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GSoc2010 project suggestion: replacement software crypto provider

I think it's possible to combine the project Hubert suggeted with one I
suggested on the Wiki, in a way which might yield some benefit to almost
all users of opencrypto.  Here is that attempt:

        NetBSD uses the opencrypto(9) framework, derived from OpenBSD and
        FreeBSD, to provide cryptographic services for the kernel.  The
        framework uses hardware accelleration where possible and software
        elsewise.  Software cryptography is provided by a module variously
        known as "cryptosoft" or "swcrypto".  This module is difficult to
        maintain and has various performance issues.  It should be replaced
        in a way which increases functionality, does not harm performance,
        and increases maintainability.

        The replacement module should use standard implementations of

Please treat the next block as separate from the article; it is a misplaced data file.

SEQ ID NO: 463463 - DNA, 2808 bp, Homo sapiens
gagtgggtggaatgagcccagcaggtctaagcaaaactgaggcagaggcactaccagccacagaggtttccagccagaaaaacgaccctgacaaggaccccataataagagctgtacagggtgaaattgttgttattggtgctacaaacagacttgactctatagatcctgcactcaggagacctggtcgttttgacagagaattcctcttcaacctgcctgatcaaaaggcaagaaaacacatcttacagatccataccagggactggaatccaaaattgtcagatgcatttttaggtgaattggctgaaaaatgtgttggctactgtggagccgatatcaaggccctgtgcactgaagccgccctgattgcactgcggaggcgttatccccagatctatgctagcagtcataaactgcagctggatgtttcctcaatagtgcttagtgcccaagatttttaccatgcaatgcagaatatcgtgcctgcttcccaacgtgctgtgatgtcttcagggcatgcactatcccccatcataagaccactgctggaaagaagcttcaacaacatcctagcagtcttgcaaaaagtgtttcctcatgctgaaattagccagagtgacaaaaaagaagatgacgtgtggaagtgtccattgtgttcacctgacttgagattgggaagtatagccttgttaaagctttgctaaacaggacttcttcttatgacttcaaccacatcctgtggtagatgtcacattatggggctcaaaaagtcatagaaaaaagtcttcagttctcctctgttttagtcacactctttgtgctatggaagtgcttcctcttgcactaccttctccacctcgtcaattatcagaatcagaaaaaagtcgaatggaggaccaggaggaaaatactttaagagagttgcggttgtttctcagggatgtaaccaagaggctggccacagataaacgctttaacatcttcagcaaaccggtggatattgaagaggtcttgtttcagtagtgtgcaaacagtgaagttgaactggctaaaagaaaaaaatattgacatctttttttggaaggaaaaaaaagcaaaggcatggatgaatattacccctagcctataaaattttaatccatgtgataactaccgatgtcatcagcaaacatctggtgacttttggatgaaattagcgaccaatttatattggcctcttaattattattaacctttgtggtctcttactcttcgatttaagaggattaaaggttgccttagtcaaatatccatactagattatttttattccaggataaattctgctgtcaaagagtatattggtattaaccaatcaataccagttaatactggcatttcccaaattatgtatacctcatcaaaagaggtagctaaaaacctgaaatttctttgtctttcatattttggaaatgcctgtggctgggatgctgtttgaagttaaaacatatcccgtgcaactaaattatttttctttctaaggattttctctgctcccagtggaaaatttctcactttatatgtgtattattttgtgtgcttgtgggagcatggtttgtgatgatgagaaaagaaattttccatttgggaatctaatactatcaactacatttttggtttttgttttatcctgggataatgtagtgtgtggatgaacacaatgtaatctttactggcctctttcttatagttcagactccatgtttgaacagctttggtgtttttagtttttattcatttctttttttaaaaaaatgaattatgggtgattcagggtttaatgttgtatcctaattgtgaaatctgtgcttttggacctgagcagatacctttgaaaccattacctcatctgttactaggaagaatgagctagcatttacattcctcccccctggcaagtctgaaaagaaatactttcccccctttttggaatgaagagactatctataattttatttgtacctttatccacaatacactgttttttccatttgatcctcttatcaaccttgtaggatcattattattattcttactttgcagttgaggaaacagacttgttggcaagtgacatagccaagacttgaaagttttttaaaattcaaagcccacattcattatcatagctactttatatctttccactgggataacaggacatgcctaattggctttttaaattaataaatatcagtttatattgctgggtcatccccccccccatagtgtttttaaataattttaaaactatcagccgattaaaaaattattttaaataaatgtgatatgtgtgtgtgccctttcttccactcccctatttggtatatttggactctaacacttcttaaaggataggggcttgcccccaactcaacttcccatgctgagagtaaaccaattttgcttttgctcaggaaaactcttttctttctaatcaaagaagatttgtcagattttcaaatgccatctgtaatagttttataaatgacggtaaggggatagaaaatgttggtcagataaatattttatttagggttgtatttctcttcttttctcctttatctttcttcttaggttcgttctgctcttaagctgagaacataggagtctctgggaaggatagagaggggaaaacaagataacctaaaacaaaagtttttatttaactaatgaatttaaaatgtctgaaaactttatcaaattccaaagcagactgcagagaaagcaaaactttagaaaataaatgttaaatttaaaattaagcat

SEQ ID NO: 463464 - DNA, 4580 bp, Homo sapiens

a reasonable (not exhaustive) set of popular cipher and hash/MAC
        algorithms, drawn from another suitably licensed library such as
        OpenSSL or LibTomCrypt.  It should provide modular-arithmetic and
        asymmetric-cryptography operations (opencrypto "key operations")
        drawn from the same library.  It should use the source library's
        optimizations (assembler implementations, optimized cbc/counter
        modes, etc) wherever possible.

        The asymmetric operations should be implemented, if possible,
        such that the standard API of the source library (particularly
        the functions for RSA sign and verify operations) is also
        directly available in the kernel.

        A reasonable initial set of algorithms and modes would be:

                AES128 in CBC mode
                AES128 in CTR mode
                SHA2 (256, 384, and 512 bit sizes)
                HMAC-SHAn (plain and 96-bit-truncated)
        The replacement module should be able to operate in either a
        synchronous (process request in the context in which it was
        submitted) or asynchronous, multithreaded (enqueue requests for
        later processing and return; dequeue in a processing thread
        and return results as the hardware drivers do) mode, as selected
        by the user at runtime.  Ideally, it should determine the overhead
        of the asynchronous mode for various operation sizes at startup
        time, and, by default, dispatch asynchronously only those requests
        which might actually complete fater.


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